2. Informal: management roles that involve receiving, collecting and disseminating information.
  3. Decisional: Management roles that involve making significant choices that affect the organization. Decisional roles include the roles of entrepreneur, disturbance handler, resource allocator, and negotiator.
  4. Technical skills: Knowledge of and expertise in a particular field. These skills are more important for lower level managers because these managers are directly involved with the employees doing the work.
  5. Human Skills: The ability to work well with other people both individually and in a group.
  6. Conceptual Skills: The mental ability to analyse and generate ideas about abstract and complex situations. These skills help management see the organization as a whole, understand the relationship among various subunits, and visualise how the organization fits into its broader environment. Furthermore, these skills are most important at the top management level.

Management Skills

The Specific environment

The specific Environment: Includes those external forces that have a direct impact on manager’s decisions, and is he part of the external environment that is directly relevant to the achievement of an organization, the main components being customers, suppliers, competitors and public pressure groups.

Types of organizations

                Large organizations in the private sector are often publicly owned.

  • Private sector: The part of the company that is run by organizations that are free from direct government control. Organizations in these sectors operate to make a profit.
  • Publicly held organizations: is a company whose shares are available on the stock exchange for public trading by brokers/ dealers. Managers of such companies report to a board of directors that is responsible to shareholders.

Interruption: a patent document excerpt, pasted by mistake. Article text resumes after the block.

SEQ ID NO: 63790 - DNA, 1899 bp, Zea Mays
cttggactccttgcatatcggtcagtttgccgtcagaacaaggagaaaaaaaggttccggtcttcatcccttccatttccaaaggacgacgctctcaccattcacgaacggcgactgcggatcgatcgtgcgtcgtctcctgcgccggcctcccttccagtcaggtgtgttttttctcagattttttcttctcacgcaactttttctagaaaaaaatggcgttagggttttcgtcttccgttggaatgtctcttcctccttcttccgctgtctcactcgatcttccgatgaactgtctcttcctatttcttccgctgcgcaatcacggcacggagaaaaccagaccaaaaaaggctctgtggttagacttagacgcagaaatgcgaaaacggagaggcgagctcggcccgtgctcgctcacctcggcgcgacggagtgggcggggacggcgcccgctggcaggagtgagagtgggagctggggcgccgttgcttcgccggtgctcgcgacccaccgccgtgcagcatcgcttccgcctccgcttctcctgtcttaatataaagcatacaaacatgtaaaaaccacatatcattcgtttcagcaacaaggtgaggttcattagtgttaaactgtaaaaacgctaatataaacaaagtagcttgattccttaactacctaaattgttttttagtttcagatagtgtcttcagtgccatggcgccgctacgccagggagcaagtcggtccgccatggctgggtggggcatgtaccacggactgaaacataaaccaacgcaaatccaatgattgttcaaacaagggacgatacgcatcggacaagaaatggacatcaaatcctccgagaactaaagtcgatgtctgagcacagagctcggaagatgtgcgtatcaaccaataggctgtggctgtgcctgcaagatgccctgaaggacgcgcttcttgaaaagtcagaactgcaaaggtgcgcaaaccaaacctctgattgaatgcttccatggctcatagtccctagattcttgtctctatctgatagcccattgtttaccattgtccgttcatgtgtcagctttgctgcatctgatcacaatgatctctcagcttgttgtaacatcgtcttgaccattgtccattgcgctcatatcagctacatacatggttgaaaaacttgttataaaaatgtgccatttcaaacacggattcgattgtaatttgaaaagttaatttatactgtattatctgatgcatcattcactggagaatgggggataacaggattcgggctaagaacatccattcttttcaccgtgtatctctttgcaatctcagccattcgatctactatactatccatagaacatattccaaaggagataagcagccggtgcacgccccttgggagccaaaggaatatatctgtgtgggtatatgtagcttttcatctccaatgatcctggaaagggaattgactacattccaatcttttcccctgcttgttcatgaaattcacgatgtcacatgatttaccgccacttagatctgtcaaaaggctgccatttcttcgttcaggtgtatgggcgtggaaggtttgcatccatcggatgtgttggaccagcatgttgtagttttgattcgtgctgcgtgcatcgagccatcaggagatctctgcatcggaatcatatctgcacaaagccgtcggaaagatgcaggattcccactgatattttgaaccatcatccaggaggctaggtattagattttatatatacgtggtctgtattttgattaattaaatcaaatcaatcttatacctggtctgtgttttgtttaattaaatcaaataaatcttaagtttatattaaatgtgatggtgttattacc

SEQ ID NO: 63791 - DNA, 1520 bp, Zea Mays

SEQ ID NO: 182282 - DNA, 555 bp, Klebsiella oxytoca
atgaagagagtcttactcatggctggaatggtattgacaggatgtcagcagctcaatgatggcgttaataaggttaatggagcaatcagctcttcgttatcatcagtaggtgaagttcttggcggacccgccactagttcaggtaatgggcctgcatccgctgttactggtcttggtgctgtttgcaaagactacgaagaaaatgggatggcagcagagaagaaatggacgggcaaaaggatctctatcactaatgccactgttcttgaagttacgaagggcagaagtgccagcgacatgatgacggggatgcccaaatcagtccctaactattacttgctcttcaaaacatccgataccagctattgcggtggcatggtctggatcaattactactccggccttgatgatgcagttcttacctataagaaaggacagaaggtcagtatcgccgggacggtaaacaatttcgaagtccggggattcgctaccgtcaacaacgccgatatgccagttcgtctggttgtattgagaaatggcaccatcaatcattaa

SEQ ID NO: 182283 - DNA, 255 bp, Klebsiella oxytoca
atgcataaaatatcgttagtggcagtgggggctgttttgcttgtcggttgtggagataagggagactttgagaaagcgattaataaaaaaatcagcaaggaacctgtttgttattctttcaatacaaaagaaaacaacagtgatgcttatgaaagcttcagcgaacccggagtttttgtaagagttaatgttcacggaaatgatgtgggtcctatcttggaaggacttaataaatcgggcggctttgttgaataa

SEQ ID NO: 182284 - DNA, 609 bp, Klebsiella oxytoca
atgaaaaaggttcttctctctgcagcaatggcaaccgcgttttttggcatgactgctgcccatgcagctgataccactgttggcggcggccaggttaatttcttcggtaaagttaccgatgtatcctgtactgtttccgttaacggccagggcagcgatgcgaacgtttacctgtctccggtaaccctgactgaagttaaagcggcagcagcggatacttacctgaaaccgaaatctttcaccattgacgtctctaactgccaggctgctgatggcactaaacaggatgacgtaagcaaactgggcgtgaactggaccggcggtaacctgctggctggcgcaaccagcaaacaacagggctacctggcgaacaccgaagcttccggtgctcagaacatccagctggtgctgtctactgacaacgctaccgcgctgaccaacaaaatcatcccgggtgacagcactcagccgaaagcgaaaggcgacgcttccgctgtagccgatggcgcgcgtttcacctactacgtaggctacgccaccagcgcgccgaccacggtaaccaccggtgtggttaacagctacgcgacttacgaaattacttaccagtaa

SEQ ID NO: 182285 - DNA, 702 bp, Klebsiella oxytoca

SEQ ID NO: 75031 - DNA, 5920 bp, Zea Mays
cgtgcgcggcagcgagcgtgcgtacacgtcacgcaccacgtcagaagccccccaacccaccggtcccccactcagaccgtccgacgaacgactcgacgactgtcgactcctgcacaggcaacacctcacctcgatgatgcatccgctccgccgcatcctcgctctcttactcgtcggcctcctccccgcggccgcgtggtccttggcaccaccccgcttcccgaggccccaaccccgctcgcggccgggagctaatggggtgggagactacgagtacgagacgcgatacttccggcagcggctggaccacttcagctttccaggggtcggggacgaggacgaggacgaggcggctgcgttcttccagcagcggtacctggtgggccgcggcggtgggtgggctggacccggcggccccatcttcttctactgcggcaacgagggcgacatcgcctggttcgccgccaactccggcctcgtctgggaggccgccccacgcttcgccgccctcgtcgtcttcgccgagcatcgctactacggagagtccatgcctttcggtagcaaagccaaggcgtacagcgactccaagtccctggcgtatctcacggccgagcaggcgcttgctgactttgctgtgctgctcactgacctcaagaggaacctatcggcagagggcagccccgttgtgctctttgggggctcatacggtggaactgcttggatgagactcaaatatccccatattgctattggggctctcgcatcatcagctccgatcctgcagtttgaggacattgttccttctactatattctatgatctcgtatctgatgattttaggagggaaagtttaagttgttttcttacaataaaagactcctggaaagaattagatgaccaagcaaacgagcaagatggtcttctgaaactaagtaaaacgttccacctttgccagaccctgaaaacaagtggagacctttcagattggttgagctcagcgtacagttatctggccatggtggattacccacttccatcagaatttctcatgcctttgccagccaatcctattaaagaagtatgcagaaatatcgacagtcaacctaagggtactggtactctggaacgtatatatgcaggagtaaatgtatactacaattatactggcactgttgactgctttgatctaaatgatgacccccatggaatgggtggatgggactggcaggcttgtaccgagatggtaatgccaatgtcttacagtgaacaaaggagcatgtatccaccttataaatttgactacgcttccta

• Privately held: Whose Shares are not available on the on the stock exchange they are privately held.  These various sized companies can be individually owned, family owned, or owned by some group of individuals.
  • Non Profit Sector: The part of the economy that is run by organizations that operates for the purpose other than making a profit. Emphasis is on providing charity or services rather than on making a profit.
  • Nongovernmental organization (NGO): A nongovernmental organization that emphasizes on humanitarian issues, development, and humanitarian sustainability.

Managers may also work in the public sector as civil servants for the local, provincial or federal governments.

  • Public sector: The part of the economy that is directly controlled by government.
  • Civil servants: people who work in a local, provincial, or federal government department.

 

  • Crown corporations: Commercial companies owned by the government but independently managed. These companies are structured like private sector corporations, they have a board of directors CEO’s, and so forth, but are owned by the government rather than shareholders.  Employees in such corporations are not civil servants, and managers in crown corporations are more independent than the senior bureaucrats who manage government departments. 
StudyUp Author: James Bagshaw
Business Administration, Accounting and Management Technology
Major: Business Administration

Recently Added Notes